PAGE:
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Module A ButtonTopic A10.3: Creating An Effective Online Syllabus

A] Format and Design

Linear or Script Style
Most syllabi are written in linear format. They proceed in order for several pages. But often in a linear syllabus, the objectives on page one don't match the course activities or assessments on page six. The architecture of the syllabus can become confusing if an instructor doesn't pay close attention to the connections between the elements. One of the best ways to plan a syllabus is to use a chart or flow chart model. Then write a linear syllabus from it, once the elements have become tight.

Flow Charts as a Syllabus
This may be used only for planning but it could also be used online as a quick visual representation of the syllabus and schedule. This helps to make sure that there is internal consistency among the elements. When written correctly, the syllabus should be totally redundant: the objectives and the assessments ("proofs"of the learning) should match; the learning activities should also match the "proofs" or assessments. In many cases the activities are duplicates of the assessments; that is, by doing the activity, the learner has proven that she has learned the material. (As a result, one begins to question what might go on an exam or quiz if the proofs are learned another way.)

For an example of a flow chart syllabus designed for a professional development course taught at Towson University, click to download/view the file Coursemap.rtf.

Module Course Design
Perhaps you wish your course to be laid out both linearly and in a flow chart. A module course design allows learners to see the relationship between the units of instruction and the assessments.

Click to download and view the file ModuleCourseMap.rtf for the award-winning module representation developed for the HORT400 course at the University of Maryland.

Block Design
Another way to visually organize course assignments is to arrange your course in blocks that show the relationships among the course elements. This example was designed when students could not understand a complex linear syllabus. Once the course design is presented in this format, the learners understood the relationship of the assignments to the entire course.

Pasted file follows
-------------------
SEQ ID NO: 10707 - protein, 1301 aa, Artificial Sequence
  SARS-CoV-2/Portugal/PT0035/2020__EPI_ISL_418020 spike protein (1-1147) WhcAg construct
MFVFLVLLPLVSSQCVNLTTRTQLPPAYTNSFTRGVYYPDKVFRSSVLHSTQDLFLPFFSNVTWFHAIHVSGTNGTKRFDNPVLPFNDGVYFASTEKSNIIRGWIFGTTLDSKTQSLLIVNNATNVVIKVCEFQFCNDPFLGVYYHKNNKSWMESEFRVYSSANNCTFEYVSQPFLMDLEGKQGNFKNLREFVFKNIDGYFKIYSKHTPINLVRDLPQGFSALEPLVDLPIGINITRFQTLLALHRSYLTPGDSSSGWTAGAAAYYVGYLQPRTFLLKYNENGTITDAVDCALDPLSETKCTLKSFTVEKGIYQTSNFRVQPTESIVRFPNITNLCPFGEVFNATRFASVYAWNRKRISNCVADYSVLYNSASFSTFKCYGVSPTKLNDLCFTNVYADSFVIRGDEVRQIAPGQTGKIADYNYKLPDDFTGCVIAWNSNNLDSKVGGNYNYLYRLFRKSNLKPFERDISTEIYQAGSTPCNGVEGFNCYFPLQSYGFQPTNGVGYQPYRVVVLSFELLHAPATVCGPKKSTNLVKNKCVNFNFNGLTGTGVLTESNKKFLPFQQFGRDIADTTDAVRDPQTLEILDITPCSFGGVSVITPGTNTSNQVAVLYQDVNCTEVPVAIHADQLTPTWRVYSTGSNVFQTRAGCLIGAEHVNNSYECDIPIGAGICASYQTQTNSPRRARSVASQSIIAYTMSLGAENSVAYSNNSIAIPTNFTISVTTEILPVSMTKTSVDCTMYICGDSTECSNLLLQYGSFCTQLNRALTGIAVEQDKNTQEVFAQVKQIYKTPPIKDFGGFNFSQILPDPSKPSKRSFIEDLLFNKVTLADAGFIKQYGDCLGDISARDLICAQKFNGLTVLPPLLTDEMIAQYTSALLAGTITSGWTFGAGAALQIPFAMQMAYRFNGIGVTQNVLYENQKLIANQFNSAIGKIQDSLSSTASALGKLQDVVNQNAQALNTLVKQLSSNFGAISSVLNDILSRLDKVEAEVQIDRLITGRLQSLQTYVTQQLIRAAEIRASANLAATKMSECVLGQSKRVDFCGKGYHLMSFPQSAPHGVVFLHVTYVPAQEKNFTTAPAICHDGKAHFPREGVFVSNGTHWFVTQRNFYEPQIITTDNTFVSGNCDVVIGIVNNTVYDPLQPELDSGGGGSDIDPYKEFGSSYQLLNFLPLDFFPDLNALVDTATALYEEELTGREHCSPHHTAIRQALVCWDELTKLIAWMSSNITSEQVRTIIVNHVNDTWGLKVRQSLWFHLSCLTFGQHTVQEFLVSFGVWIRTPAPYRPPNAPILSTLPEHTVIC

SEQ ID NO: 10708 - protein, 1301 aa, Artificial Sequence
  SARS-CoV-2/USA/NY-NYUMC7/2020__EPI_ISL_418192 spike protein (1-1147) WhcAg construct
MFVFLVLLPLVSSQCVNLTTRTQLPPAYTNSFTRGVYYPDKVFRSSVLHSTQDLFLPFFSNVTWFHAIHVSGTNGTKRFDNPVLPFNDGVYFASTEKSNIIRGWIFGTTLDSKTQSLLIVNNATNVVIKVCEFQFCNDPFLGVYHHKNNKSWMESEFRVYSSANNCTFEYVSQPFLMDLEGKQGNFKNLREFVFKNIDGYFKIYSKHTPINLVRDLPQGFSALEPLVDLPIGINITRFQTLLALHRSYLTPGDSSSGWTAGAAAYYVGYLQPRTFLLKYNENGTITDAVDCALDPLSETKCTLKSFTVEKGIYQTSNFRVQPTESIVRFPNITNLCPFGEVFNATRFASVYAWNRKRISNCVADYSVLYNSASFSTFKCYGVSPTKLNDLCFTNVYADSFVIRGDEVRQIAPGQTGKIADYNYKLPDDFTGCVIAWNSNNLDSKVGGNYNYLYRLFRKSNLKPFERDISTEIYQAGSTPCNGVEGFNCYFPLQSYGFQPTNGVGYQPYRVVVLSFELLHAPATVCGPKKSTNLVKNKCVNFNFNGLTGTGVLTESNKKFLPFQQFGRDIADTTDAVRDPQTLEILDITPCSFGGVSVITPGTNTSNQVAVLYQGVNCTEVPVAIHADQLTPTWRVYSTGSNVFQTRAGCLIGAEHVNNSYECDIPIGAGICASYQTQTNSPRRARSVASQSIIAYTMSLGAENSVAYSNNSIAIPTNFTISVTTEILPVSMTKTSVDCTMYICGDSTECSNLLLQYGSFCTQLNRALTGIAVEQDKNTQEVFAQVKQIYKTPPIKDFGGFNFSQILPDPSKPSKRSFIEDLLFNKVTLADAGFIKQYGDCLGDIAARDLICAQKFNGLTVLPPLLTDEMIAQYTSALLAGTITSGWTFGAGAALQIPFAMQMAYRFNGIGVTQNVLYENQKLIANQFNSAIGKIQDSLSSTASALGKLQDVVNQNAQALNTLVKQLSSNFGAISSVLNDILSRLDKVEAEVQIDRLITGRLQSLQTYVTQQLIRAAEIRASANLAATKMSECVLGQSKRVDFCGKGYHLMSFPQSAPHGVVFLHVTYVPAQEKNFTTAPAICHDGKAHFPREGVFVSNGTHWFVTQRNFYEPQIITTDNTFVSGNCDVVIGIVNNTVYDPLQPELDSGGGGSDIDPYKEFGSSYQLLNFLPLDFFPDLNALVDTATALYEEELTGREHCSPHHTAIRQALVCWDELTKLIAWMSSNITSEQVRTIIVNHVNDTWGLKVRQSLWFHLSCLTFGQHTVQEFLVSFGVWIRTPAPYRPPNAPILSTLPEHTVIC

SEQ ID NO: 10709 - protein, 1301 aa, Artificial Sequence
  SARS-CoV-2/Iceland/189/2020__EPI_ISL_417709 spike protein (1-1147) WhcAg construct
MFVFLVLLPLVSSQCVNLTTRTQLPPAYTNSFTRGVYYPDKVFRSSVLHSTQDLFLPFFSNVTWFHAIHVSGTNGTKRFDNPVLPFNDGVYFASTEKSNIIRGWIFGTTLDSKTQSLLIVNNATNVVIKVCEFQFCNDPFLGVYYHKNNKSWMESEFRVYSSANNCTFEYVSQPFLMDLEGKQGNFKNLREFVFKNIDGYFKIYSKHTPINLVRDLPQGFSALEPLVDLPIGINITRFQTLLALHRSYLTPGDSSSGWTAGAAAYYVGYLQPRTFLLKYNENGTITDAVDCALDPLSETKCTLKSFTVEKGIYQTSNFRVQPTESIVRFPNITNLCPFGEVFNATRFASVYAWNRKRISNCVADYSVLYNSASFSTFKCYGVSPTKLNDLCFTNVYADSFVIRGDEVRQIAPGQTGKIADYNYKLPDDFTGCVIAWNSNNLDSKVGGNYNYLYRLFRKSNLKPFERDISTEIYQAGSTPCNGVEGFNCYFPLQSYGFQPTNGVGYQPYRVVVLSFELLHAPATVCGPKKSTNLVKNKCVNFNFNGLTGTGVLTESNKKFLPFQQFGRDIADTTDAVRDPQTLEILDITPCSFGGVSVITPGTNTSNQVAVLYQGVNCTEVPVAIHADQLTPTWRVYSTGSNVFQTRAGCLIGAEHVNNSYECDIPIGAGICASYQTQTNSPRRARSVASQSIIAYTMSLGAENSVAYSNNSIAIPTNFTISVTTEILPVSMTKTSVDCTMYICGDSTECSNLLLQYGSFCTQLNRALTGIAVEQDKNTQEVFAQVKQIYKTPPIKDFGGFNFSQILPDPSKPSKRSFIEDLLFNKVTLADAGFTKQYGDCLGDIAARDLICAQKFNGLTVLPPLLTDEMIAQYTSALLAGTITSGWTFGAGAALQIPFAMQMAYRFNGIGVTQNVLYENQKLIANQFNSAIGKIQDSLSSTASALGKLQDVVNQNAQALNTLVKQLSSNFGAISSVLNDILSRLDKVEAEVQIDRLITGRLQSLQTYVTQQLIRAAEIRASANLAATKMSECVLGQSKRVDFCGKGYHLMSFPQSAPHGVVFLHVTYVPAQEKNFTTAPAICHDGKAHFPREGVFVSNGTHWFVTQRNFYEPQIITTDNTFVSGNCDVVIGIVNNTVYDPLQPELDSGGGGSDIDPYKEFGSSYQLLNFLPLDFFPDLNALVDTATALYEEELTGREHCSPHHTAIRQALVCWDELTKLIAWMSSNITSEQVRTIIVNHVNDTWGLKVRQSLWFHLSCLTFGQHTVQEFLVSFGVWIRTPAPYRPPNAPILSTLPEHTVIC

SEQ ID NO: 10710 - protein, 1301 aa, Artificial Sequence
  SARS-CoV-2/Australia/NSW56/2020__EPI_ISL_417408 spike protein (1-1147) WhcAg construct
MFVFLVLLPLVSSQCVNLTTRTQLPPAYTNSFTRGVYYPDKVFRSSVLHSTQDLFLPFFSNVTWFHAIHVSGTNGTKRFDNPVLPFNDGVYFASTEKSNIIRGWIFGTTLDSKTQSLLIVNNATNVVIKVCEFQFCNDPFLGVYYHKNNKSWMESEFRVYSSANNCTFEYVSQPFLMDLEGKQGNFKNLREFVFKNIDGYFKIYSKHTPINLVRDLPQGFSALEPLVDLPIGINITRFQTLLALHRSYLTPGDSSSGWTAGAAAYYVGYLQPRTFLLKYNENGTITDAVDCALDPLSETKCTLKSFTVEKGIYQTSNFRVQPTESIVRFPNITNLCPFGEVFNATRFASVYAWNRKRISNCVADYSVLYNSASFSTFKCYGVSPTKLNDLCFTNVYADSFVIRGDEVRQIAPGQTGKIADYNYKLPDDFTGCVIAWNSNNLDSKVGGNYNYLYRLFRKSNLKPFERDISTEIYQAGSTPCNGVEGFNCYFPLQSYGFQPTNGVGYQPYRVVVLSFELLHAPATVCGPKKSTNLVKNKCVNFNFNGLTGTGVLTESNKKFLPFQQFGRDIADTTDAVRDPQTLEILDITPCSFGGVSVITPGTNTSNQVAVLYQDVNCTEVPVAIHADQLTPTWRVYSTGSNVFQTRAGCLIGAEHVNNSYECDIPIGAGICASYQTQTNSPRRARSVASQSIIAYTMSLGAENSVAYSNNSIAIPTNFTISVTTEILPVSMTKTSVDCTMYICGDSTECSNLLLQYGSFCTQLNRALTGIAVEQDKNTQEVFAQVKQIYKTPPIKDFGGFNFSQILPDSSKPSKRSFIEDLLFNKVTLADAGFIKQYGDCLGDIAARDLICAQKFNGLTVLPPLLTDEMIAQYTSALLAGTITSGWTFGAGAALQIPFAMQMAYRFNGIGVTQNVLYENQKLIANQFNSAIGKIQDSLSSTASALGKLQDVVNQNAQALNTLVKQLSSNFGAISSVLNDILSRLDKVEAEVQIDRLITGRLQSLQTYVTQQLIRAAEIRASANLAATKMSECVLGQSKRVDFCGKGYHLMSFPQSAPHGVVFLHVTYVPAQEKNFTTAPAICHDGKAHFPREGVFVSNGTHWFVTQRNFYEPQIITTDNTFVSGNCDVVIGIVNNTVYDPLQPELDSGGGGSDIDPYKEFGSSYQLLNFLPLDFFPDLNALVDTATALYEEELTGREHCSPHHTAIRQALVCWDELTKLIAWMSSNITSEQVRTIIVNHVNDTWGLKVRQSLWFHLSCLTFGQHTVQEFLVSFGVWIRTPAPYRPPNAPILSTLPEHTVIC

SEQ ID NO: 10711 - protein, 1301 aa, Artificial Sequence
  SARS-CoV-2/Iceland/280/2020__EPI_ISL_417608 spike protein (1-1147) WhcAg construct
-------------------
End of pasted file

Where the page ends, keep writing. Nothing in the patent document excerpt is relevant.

For an example of a block design syllabus, download and view the file Blockapproach.rtf. Note: this is the same professional development course presented in the Flow Chart sample above: compare the block design and the flow chart sample to see the similarities/differences in how the same course has been presented.


Remember: in designing any syllabus, you need to pay close attention to the connections among the elements. Not only are the above chart models a great way to plan a syllabus, they can also be used to present your syllabus online as an effective visual alternative or addition to providing the linear syllabus.


Learning Activity II

Using the syllabus content you developed in Learning Activity 1, try testing the internal consistency (redundancy and connections among the elements) by adapting it to one of the design formats presented above. You can design your own "template" by using the "Drawing" toolbar functions available in Microsoft Word (e.g., clicking on "text box," the arrows, etc.).

Once you have completed your template, do you see the consistency among the different elements (e.g., that your assessments are a direct match to your learning objectives? That your learning objectives match your learning activities, which, in turn, also match the assessments? ). If not, then you need to adjust your syllabus content "the different learning elements" until they do.


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